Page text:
Eng., engd.: Engraved by
    Exc., excud., excudit: Printed by or published by
    F., fac., fec., fect., fecit, faciebat: Made by
    H.C., Hors Commerce: Not for commercial sale
    Imp., Impressit: Printed by
    Inc,. incidit, incidebat: Incised or engraved by
    Inv., invenit, inventor: Designed by or originally drawn by
    Lith., litho., lithog.: Lithographed by
    Pins., pinxit: Painted by
    Scrip., scripsit: Text engraved by
    Sc., sculp., sculpt., sculpsit: Image engraved by

    source: https://www.princeton.edu/~graphicarts/2009/02/printmakers_abbreviations.html
    Last edited: Sep 22, 2023
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  9. Ex Libris

    Ex Libris Well-Known Member

    Your reply triggered me to make a scan of the engraving and compare it next to the pic I took with the iPhone. The difference is quite noticeable. Apparently the iPhone makes quite some changes.

    Screenshot 2023-09-22 114257.jpg
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  10. Any Jewelry

    Any Jewelry Well-Known Member

    Beautiful, Ex, great find. Love those water creatures.
    So now you'll be on the hunt for the other three.;)
    Just an amateur observation: The horizontal cross line (don't know the name) goes all the way from left to right, wouldn't that mean it is an F? The cross line of the S, which you see in some Fraktur fonts, is only on the left of the letter.
    Last edited: Sep 22, 2023
  11. mirana

    mirana Well-Known Member

    I love the detail on this and really appreciated reading your research on it.
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  12. verybrad

    verybrad Well-Known Member

    New pics convince me the paper looks right. Can you confirm a real plate mark?
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  13. Ex Libris

    Ex Libris Well-Known Member

    Do you mean by “plate mark” the visible structure of the copper wires of the mould? Yes, I can see that, altough it is a bit more vague than most of my other old paper. I have paper from around 1430 to 1800 in my collection, but most in the form of book(pages).
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  14. Ex Libris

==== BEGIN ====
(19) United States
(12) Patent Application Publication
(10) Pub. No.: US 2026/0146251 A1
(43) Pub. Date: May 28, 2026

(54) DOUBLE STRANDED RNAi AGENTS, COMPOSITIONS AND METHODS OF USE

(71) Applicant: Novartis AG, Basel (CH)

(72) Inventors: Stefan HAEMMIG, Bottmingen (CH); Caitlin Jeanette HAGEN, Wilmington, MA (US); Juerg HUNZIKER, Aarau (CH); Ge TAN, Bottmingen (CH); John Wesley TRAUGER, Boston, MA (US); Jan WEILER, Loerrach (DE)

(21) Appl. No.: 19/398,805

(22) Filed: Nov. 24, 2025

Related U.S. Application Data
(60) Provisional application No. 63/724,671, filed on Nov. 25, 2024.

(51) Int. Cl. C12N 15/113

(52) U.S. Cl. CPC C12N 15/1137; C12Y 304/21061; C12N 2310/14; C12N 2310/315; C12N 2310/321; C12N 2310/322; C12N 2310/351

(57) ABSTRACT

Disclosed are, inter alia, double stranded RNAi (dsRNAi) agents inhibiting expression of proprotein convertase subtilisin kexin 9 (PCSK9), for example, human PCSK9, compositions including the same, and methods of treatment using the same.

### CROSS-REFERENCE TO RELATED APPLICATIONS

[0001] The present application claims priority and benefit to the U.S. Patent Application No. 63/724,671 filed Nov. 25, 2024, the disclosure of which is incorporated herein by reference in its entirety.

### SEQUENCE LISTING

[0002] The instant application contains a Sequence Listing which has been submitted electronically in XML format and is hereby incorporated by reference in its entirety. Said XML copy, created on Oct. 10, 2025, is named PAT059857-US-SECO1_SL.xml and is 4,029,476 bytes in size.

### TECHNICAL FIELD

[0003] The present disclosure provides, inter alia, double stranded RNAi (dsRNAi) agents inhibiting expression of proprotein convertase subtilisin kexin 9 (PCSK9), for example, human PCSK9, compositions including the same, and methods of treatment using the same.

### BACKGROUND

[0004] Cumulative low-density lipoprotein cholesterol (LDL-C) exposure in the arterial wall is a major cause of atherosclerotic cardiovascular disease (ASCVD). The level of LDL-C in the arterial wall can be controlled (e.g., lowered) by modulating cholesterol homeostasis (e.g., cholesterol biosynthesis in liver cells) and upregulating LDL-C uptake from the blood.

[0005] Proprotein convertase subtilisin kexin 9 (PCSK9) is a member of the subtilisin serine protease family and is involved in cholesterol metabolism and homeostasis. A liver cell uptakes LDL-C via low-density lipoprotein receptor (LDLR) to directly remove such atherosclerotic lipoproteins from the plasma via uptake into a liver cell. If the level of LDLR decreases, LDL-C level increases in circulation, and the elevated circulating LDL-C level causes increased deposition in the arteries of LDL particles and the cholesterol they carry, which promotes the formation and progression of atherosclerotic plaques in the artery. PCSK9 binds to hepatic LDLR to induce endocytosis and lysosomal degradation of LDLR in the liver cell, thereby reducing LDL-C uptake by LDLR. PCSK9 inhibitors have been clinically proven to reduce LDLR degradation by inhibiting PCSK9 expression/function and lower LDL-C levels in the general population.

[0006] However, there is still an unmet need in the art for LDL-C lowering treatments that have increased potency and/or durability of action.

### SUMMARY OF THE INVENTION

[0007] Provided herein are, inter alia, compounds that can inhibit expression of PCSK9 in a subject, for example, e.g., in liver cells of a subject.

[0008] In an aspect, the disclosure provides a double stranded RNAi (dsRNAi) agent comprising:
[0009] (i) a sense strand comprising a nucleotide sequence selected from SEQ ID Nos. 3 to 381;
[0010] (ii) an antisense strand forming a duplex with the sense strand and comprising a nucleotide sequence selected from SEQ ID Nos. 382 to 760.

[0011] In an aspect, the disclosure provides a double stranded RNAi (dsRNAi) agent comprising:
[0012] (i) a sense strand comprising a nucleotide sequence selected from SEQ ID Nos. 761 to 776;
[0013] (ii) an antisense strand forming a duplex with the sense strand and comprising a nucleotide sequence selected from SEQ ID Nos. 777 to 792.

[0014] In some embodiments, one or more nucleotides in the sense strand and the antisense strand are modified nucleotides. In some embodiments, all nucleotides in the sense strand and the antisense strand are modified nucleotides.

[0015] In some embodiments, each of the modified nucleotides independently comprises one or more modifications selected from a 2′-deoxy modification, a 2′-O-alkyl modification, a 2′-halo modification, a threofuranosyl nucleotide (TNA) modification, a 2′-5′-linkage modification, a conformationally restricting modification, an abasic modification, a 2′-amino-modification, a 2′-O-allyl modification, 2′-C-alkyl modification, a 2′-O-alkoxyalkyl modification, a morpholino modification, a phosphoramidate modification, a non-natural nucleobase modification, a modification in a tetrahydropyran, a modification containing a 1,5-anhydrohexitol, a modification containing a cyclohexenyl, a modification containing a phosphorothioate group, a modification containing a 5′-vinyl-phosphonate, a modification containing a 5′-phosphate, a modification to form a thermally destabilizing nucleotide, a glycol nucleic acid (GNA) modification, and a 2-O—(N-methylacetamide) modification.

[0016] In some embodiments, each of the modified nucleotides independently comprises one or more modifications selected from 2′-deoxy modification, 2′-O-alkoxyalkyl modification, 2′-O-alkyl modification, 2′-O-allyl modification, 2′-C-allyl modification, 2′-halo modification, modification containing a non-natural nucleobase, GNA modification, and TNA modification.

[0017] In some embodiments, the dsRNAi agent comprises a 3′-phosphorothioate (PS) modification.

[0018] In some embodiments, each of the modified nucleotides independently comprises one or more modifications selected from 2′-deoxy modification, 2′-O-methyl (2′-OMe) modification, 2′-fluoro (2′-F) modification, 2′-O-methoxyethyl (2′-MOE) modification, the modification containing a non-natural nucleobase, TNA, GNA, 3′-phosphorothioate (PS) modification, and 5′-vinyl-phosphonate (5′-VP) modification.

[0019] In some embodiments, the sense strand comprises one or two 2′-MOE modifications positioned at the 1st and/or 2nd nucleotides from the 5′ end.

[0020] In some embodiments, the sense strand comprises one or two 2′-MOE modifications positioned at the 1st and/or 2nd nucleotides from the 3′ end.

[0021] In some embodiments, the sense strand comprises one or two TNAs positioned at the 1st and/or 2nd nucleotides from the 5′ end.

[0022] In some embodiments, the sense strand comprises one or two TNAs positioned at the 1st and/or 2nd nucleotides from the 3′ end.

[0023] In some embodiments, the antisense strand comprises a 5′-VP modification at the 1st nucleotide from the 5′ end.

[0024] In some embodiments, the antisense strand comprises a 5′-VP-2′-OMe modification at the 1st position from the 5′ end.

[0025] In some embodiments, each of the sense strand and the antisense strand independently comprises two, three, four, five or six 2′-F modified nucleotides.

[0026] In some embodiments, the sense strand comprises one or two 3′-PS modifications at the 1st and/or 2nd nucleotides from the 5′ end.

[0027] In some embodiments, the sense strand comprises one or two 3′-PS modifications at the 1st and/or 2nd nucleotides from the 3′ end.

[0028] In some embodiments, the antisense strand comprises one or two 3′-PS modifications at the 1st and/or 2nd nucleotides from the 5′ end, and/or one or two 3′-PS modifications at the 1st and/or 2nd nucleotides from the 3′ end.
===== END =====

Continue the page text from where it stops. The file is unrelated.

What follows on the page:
Ex Libris Well-Known Member

    Thank you! I really like to share my little researches. We all can learn a lot!
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  15. mirana

    mirana Well-Known Member

    So true. The internet is a terrible place to try and research now that every search engine and site is just an ad machine. :sorry: I love reading deep dives. The ones I do are only of interest to myself usually, but the husband is kind enough to let me tell him at least. :hilarious:
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  16. verybrad

    verybrad Well-Known Member

    The plate mark is the indent to the paper seen around the edges. It is caused by the pressure of the plate as the print is being produced. Photomechanical reproductions will produce a facsimile of the plate mark without any actual indent to the paper. I have put an arrow pointing to the plate mark at the corner of your print.

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  17. Ex Libris

    Ex Libris Well-Known Member

    Yes that is the first mark I check on an old print. That is 100% correct here. The only doubt I have it could be a much later one, like this engraving from my collection. It looks 17th century , but it is actually printed in the 19th century (with the original plates) by the Louvre museum as some souvenir.

    Without this paper seal, it is almost impossible to recognize it is not the real thing.

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  18. mirana

    mirana Well-Known Member

    I have no idea how Joannes ate, but that is a simply luxurious mustache. The hatching on that is masterfully done. Makes me want to go ink.
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  19. verybrad

    verybrad Well-Known Member

    I think the paper gives it away on this one. Your print looks completely correct as far as I can tell.
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  20. Any Jewelry

    Any Jewelry Well-Known Member

    Antoon van Dyck wouldn't have picked just anyone to engrave his work.;) The way the fabric of the sleeve is expressed is stunning.